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A late dig was not enough for Neah Evans as she missed out on the medals to surrender her title in the women’s points race at the UCI Cycling World Championships in Glasgow.
Less than twenty-four hours after winning the Madison crown alongside Elinor Barker, Evans found she was missing the extra kick she needed in a race won by Belgium’s Lotte Kopecky ahead of Australia’s Georgia Baker.
Evans started strong and had followed an attack from Kopecky and Baker midway through the race, looking to gain a lap on the field.
But the pair opened up a small gap to Evans, and while they could work together to pick up the points, Evans had to chase alone, putting in an effort that would cost her later on as she later lost the lap she had worked so hard to gain.
Evans then tried to go long to get the points she needed in the final sprint but could not respond to an attack from Japan’s Tsuyaka Uchino.
“The race didn’t quite go as I was hoping, so I tried to adapt,” Evans said. “I just tried to reset and relax and I relaxed too much. I think I didn’t have the usual zip in my legs.
“I thought, ‘oh, crap. I cannot close that gap that I normally can close easily’. It just changes the dynamic. I went much earlier in the final sprint that I would normally but I didn’t feel like I had the zap to sprint.
“I will have to go for a long one and I couldn’t hold on it, which I normally can. A pretty frustrating day. It is what it is, it’s bike racing.”
Kopecky had not raced in Monday’s Madison after her usual racing partner in the event, Shari Bossuyt, returned a positive test for the banned substance Letrozole in March.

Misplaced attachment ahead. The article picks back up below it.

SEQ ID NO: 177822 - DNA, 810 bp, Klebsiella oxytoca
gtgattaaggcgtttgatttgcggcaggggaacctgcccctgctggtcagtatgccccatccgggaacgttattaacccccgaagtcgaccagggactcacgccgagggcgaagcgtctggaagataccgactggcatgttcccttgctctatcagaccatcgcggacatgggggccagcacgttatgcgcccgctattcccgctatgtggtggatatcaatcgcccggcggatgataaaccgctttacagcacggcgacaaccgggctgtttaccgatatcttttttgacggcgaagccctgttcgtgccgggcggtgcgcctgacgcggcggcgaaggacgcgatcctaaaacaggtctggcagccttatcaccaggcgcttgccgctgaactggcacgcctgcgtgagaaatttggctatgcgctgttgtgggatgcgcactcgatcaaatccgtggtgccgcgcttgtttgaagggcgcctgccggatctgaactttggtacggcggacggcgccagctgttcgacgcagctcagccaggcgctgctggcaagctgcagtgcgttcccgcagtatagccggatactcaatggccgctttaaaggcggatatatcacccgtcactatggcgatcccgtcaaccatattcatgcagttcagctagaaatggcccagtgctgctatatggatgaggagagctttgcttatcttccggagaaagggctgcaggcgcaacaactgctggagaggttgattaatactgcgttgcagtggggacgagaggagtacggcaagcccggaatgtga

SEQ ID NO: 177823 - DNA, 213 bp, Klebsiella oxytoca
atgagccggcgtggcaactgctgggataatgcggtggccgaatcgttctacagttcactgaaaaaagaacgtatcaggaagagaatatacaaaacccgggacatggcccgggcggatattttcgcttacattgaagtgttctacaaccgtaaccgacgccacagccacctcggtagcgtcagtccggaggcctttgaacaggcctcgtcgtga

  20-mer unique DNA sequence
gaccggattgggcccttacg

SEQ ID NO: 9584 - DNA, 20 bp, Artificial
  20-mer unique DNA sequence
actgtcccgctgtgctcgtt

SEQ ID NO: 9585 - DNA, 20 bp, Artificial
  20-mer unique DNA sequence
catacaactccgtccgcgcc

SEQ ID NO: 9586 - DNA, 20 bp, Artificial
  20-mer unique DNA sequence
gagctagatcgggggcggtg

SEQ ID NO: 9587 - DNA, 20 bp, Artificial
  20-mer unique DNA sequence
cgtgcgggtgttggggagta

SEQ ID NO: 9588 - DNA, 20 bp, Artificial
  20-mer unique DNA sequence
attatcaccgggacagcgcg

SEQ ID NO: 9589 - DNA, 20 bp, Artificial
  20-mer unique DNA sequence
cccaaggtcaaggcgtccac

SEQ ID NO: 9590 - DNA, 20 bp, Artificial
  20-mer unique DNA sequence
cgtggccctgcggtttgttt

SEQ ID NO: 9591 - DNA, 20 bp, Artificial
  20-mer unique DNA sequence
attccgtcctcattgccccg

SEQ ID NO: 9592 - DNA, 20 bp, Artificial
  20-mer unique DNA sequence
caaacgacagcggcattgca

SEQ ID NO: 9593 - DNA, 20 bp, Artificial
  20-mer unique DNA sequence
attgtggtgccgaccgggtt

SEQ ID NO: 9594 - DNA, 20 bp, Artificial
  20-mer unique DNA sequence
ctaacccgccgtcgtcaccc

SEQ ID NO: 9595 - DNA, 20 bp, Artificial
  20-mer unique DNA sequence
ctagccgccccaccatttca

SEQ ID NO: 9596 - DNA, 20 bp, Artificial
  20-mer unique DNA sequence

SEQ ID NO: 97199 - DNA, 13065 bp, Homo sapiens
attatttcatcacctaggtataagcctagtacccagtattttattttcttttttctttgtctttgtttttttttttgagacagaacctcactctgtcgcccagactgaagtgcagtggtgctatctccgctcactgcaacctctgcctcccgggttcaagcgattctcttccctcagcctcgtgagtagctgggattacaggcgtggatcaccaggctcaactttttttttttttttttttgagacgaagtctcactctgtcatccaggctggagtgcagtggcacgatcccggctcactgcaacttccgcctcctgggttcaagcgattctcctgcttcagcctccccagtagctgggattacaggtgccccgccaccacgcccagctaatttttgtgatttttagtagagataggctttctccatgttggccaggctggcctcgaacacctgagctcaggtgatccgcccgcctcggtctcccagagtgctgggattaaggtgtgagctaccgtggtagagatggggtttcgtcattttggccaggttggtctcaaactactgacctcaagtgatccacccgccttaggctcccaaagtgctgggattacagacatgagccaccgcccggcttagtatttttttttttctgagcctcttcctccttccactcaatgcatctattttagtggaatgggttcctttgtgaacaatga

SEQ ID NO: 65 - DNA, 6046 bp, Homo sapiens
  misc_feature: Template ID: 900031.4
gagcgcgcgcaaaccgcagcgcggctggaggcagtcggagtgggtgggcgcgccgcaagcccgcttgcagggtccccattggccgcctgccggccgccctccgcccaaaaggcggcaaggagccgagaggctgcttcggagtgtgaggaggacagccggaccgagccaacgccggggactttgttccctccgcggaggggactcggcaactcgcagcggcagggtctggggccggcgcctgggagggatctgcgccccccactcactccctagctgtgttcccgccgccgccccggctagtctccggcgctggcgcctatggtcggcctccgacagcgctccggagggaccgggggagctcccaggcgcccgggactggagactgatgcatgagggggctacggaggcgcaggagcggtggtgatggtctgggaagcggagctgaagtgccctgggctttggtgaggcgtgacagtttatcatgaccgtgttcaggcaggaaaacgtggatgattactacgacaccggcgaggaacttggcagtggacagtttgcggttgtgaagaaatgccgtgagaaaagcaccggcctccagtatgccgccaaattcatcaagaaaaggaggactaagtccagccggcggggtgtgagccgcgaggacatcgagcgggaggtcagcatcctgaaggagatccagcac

Evans came into these worlds, on her home track in Glasgow, still suffering the effects of a training crash last week, the injuries still visible on her right leg.
Although that did not stop her and Barker winning in the Madison, she could not back it up a day later.
“Up to the crash, I was having a brilliant lead-in,” the 33-year-old said. “I thought, ‘I am going to be fine’, but then you have that little step up. You say it is not going to affect you, it won’t make any difference, but you know it is going to.
“At this level just a few watts missing is the difference between being able to close the gap or not. So is what it is.”
Evans was not involved in this week’s women’s team pursuit, in which Great Britain took a first world title since 2014, with the fight for selection hotting up a year out from the Paris Olympics.
“The thing with being part of British Cycling is we have amazing support and amazing structure but it also means we have some incredible riders,” she said. “So it is hugely competitive to get a spot on the start line.
“I’d like to think I am in the mix, definitely after the Madison, but a lot can happen within a year.”
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